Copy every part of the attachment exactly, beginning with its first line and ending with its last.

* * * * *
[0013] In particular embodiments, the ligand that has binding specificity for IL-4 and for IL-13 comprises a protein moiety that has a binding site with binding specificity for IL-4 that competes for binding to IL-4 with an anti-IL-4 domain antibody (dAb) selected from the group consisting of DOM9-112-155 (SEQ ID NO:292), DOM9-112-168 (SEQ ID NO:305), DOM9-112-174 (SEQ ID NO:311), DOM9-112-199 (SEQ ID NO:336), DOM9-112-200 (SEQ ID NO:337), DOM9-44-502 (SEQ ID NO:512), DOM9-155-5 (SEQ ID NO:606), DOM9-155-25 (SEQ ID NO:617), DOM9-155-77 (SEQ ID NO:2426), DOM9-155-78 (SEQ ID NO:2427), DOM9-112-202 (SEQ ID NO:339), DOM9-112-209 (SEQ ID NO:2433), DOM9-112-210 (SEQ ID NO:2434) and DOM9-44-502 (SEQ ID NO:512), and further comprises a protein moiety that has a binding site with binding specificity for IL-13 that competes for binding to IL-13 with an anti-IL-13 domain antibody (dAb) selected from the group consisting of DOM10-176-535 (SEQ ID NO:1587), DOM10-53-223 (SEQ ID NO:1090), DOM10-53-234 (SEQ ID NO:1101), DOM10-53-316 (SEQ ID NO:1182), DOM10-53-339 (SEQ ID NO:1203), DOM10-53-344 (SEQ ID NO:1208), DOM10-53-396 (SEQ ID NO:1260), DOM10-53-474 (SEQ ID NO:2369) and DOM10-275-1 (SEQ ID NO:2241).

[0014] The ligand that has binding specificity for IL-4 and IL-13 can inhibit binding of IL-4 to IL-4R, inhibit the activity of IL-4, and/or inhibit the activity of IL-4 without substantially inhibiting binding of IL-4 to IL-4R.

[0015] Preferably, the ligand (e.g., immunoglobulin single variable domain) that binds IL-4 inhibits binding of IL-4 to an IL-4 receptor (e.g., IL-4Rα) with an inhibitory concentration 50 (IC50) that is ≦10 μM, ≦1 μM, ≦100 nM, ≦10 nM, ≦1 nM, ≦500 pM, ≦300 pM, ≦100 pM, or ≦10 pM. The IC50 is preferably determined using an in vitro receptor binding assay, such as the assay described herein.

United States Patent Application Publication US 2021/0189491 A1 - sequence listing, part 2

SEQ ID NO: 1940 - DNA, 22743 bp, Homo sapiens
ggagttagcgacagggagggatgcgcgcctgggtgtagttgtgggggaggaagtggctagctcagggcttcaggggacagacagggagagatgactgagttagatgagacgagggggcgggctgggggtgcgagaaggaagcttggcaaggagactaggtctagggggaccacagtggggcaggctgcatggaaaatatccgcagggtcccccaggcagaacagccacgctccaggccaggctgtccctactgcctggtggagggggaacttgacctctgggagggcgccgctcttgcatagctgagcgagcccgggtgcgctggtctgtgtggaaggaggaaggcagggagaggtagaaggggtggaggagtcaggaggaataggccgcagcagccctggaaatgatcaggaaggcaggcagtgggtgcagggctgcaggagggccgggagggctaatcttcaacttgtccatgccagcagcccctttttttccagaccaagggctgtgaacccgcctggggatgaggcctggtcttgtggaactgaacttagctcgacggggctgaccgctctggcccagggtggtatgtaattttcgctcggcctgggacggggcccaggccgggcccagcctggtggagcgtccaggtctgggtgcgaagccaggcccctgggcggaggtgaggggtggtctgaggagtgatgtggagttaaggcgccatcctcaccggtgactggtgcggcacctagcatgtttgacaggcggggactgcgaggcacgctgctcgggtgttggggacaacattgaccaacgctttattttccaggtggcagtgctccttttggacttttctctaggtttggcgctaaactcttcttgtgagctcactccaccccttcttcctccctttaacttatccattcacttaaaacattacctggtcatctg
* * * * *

[0013] In particular embodiments, the ligand that has binding specificity for IL-4 and for IL-13 comprises a protein moiety that has a binding site with binding specificity for IL-4 that competes for binding to IL-4 with an anti-IL-4 domain antibody (dAb) selected from the group consisting of DOM9-112-155 (SEQ ID NO:292), DOM9-112-168 (SEQ ID NO:305), DOM9-112-174 (SEQ ID NO:311), DOM9-112-199 (SEQ ID NO:336), DOM9-112-200 (SEQ ID NO:337), DOM9-44-502 (SEQ ID NO:512), DOM9-155-5 (SEQ ID NO:606), DOM9-155-25 (SEQ ID NO:617), DOM9-155-77 (SEQ ID NO:2426), DOM9-155-78 (SEQ ID NO:2427), DOM9-112-202 (SEQ ID NO:339), DOM9-112-209 (SEQ ID NO:2433), DOM9-112-210 (SEQ ID NO:2434) and DOM9-44-502 (SEQ ID NO:512), and further comprises a protein moiety that has a binding site with binding specificity for IL-13 that competes for binding to IL-13 with an anti-IL-13 domain antibody (dAb) selected from the group consisting of DOM10-176-535 (SEQ ID NO:1587), DOM10-53-223 (SEQ ID NO:1090), DOM10-53-234 (SEQ ID NO:1101), DOM10-53-316 (SEQ ID NO:1182), DOM10-53-339 (SEQ ID NO:1203), DOM10-53-344 (SEQ ID NO:1208), DOM10-53-396 (SEQ ID NO:1260), DOM10-53-474 (SEQ ID NO:2369) and DOM10-275-1 (SEQ ID NO:2241).

[0014] The ligand that has binding specificity for IL-4 and IL-13 can inhibit binding of IL-4 to IL-4R, inhibit the activity of IL-4, and/or inhibit the activity of IL-4 without substantially inhibiting binding of IL-4 to IL-4R.

[0015] Preferably, the ligand (e.g., immunoglobulin single variable domain) that binds IL-4 inhibits binding of IL-4 to an IL-4 receptor (e.g., IL-4Rα) with an inhibitory concentration 50 (IC50) that is ≦10 μM, ≦1 μM, ≦100 nM, ≦10 nM, ≦1 nM, ≦500 pM, ≦300 pM, ≦100 pM, or ≦10 pM. The IC50 is preferably determined using an in vitro receptor binding assay, such as the assay described herein.

United States Patent Application Publication US 2021/0189491 A1 - sequence listing, part 2

SEQ ID NO: 1940 - DNA, 22743 bp, Homo sapiens
ggagttagcgacagggagggatgcgcgcctgggtgtagttgtgggggaggaagtggctagctcagggcttcaggggacagacagggagagatgactgagttagatgagacgagggggcgggctgggggtgcgagaaggaagcttggcaaggagactaggtctagggggaccacagtggggcaggctgcatggaaaatatccgcagggtcccccaggcagaacagccacgctccaggccaggctgtccctactgcctggtggagggggaacttgacctctgggagggcgccgctcttgcatagctgagcgagcccgggtgcgctggtctgtgtggaaggaggaaggcagggagaggtagaaggggtggaggagtcaggaggaataggccgcagcagccctggaaatgatcaggaaggcaggcagtgggtgcagggctgcaggagggccgggagggctaatcttcaacttgtccatgccagcagcccctttttttccagaccaagggctgtgaacccgcctggggatgaggcctggtcttgtggaactgaacttagctcgacggggctgaccgctctggcccagggtggtatgtaattttcgctcggcctgggacggggcccaggccgggcccagcctggtggagcgtccaggtctgggtgcgaagccaggcccctgggcggaggtgaggggtggtctgaggagtgatgtggagttaaggcgccatcctcaccggtgactggtgcggcacctagcatgtttgacaggcggggactgcgaggcacgctgctcgggtgttggggacaacattgaccaacgctttattttccaggtggcagtgctccttttggacttttctctaggtttggcgctaaactcttcttgtgagctcactccaccccttcttcctccctttaacttatccattcacttaaaacattacctggtcatctg